by T.W. Budig
ECM Capitol reporter
A variety of resident and nonresident hunting and fishing license fee increases highlight the game and fish conference committee report agreed to by Senate and House conferees late Thursday, April 26.
The report does not include the proposed early start to the regular fishing season — an idea proposed by lawmakers several weeks ago.
“It’s a pretty darn good bill,” said Rep. Tom Hackbarth, R-Cedar, who carried license fee legislation in the House and served on the conference committee.
Under the report, which faces up or down votes on House and Senate floors, resident lifetime small game, deer hunting, angling, and most lifetime angling and spearing licenses would increase.
Resident small game licenses would increase by $3; resident deer hunting licenses by $4.
Hunting and fishing licenses for young outdoors people, age 13 to 18, would only cost $5 under the bill.
Including the $5 license provision for youngsters was a key provision for Hackbarth.
Resident fishing licenses will increase from $17 to $22. Nonresident fishing license would increase from $37.50 to $40.
A driving reason behind the license fee increases is that the Department of Natural Resources (DNR) critical game and fish fund is fiscally ebbing, and officials warn that without an infusion of money the fund could dip into the red by next summer.
The hunting and fishing license fee increases would enrich the fund by about $10 million a year.
Other fee increases are included in the bill.
Snowmobile registration fees would increase from $45 to $75.
State snowmobile trail fees for individuals for one year would increase from $15 to $35.
One controversial provision, championed by Hackbarth and others in the Republican House, deals with access to shooting ranges by youngsters participating in DNR gun safety classes.
One Rochester lawmaker in the House floor debate on the provision said a local law enforcement agency said it would cost hundreds of thousands of dollars to comply with the access provision.
In the report, shooting ranges within the seven-county metro area, which are funded in part or in whole by public dollars, must open their range to DNR firearm instruction course twice in the spring and twice again in the summer.
The provision would apply only to classes taught by DNR firearm instructors.
Gun ranges in the cities of Minneapolis and St. Paul are exempt.
Ranges at prisons are also exempt from the provision.
“We made a number of compromises,” said Hackbarth of crafting the final shooting range language.
Ranges may charge fees for the use of their range.
Other items in the report include a provision mandating the ongoing electronic sales of hunting and fishing licenses in the event of the a state government shutdown.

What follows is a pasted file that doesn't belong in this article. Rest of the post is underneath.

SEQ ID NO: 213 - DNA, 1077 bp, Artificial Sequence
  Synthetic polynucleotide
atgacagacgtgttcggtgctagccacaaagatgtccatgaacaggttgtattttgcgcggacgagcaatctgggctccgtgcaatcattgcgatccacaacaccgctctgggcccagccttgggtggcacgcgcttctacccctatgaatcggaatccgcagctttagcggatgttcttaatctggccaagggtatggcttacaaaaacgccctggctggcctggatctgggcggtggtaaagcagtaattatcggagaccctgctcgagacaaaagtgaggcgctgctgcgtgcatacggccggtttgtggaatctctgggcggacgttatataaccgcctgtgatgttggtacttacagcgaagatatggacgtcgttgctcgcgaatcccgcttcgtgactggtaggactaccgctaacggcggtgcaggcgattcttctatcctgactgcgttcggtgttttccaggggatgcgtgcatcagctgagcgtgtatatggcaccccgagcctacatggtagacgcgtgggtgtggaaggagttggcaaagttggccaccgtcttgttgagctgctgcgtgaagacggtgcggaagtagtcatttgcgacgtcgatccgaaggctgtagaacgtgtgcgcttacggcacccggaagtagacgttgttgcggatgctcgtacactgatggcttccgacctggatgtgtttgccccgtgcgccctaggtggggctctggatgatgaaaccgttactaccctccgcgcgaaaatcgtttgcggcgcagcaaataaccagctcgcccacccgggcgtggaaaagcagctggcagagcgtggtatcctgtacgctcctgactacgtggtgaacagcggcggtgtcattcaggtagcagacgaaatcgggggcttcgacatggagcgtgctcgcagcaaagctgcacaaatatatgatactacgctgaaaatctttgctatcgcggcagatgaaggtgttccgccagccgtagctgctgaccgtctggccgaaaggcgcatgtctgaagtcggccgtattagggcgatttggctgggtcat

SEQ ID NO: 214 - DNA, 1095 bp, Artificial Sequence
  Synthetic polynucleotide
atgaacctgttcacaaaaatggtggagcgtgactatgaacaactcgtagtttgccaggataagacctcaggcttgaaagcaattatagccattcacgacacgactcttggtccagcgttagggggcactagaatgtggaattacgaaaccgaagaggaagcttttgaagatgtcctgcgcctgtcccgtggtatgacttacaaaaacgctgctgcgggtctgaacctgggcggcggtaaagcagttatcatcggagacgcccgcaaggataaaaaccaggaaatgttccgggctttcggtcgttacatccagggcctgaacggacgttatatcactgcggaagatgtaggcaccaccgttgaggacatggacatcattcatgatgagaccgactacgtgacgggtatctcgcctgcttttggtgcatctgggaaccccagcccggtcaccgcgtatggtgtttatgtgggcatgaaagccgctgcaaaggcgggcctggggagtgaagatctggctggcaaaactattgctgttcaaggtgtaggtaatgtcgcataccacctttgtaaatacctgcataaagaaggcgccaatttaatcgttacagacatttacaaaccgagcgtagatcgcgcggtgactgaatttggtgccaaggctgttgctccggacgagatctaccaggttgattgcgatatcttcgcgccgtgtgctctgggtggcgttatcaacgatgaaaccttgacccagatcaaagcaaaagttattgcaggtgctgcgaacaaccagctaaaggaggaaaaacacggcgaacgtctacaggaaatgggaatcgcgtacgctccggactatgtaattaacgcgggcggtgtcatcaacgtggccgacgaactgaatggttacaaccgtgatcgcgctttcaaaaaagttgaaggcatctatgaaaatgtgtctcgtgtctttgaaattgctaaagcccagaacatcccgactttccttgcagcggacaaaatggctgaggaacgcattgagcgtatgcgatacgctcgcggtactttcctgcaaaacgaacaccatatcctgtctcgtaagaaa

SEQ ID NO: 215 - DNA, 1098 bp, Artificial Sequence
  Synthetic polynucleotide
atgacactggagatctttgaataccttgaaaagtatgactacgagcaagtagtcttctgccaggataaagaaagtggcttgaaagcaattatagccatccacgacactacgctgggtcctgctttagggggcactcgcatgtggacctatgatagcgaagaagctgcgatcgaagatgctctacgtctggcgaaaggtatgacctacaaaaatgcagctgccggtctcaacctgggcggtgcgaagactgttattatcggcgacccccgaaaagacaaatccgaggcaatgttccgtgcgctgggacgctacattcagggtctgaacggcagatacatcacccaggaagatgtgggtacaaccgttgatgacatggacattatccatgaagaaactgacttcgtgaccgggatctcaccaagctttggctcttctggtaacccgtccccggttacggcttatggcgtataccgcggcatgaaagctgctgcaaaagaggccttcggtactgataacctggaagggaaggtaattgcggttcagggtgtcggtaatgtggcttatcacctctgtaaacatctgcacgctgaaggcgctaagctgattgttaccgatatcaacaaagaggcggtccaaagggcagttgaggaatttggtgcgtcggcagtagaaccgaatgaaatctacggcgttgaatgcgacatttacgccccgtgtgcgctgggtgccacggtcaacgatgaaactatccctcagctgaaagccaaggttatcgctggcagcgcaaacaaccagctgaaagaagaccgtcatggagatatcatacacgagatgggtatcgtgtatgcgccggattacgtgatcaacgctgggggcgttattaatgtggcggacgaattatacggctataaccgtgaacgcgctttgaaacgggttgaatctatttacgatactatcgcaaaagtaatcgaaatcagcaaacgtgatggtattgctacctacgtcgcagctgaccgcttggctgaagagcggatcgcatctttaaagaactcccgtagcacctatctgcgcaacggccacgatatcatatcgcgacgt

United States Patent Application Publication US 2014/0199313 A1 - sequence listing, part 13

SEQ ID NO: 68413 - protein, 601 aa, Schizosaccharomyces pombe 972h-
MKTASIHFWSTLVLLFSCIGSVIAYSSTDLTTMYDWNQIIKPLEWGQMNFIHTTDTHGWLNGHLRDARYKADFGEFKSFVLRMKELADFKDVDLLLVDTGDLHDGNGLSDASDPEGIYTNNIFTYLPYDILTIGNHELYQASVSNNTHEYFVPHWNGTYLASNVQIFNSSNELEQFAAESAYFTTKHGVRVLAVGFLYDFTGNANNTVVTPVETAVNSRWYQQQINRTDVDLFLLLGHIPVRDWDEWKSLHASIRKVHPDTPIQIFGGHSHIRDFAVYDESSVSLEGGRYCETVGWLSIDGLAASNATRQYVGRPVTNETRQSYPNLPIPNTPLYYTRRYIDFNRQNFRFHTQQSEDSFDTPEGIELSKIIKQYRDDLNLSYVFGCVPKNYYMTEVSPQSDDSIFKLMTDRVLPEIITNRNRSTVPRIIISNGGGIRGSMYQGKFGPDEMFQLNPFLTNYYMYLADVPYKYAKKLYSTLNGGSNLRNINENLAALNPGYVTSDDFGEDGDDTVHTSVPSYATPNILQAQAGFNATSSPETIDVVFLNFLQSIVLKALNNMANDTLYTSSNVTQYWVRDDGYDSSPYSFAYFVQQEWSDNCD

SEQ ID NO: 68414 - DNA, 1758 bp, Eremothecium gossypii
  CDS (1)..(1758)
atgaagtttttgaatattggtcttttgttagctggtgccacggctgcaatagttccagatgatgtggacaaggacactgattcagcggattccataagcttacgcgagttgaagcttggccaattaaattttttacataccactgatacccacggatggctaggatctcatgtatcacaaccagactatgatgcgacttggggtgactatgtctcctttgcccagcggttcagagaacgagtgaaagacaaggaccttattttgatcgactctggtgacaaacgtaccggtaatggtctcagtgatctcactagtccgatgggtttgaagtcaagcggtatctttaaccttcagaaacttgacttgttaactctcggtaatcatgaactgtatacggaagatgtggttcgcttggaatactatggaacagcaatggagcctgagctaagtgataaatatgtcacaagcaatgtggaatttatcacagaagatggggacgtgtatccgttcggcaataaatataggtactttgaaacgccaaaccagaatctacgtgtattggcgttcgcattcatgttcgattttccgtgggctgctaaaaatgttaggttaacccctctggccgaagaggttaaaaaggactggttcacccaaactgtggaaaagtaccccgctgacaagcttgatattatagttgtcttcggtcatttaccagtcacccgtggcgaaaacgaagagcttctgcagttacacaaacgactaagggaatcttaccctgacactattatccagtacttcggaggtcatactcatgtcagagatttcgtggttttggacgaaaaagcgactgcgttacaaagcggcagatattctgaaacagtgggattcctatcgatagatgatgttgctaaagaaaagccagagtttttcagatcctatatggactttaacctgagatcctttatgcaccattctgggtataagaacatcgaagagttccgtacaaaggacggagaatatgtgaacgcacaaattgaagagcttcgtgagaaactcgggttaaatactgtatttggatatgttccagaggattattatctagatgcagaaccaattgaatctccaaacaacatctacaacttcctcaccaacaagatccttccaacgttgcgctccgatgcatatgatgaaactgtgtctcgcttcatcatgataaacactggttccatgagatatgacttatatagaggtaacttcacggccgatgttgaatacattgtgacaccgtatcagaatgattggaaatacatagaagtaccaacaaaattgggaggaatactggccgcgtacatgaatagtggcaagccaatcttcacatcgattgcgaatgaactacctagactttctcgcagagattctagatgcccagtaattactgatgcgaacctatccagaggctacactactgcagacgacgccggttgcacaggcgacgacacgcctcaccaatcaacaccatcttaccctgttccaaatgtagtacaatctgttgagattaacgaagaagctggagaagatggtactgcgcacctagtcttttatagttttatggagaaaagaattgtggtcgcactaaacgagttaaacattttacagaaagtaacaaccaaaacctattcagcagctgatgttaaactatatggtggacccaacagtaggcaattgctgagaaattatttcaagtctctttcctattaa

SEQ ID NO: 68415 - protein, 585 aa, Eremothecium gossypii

Provisions relating to the establishment of a gray wolf hunting and trapping season are in the bill.
The open season to take gray wolves with guns will begin each year on the same day as the opening of the firearms deer hunting season — something deer hunters wanted.
A walk-in access program is established to provide public access to wildlife habitat on private land for hunting, excluding trapping, is established.
Some $616,000 from the venison donation account in the special revenue fund is directed to the walk-in access account.
Although House Republicans proposed getting rid of the venison donation program — concern over lead fragments in the venison has officials X-raying donated meat at a cost approaching $4 a pound — the donation program was not eliminated.
“I opposed it all along,” said Hackbarth of the program. That’s because he was concern the donations, which should be something worked out between deer hunters and food shelves, would become entangled in state government.
“I want to go back to that,” said Hackbarth of deer hunters simply working things out with the food shelves.
About $155,000 remains in the venison donation account and a deer bonus tag surcharge for the program remains in place.
Another provision approving the use of remote-controlled motorized decoys for taking migratory waterfowl and mourning doves is included in the report.
Yet another provision limits the size certain traps that can be set on public lands.
Certain exemptions are provided.
In other outdoor-related action, the legacy funding bill, which is funded by revenue from the 2008 Clean Water, Land and Legacy Act constitutional amendment, was passed the Senate on Thursday (April 27) and sent to the governor.
“There are about $300 million in requests every year, so we have to ‘weed through’ the requests. We generally have near unanimous support every year,” said chief author of the bill and Senate Environment and Natural Resources Committee Chairman Bill Ingebrigtsen, R-Alexandria, in a statement.
About 10 percent of the funding, some $11 million, was slotted toward combating invasive species.
The threat of such invasive species, as Asian carp, were highlighted on April 19 by commercial fishermen fishing the mouth of the St. Croix River who netted a 30-pound Asian bighead carp.
Other Asian carp have been caught in the Mississippi River this year.
Indeed, eDNA water testing for Asian carp have scored positive hits on the Mississippi River as far north as the Coon Rapids Dam.
A number of Asian carp funding mechanisms exist in various bills.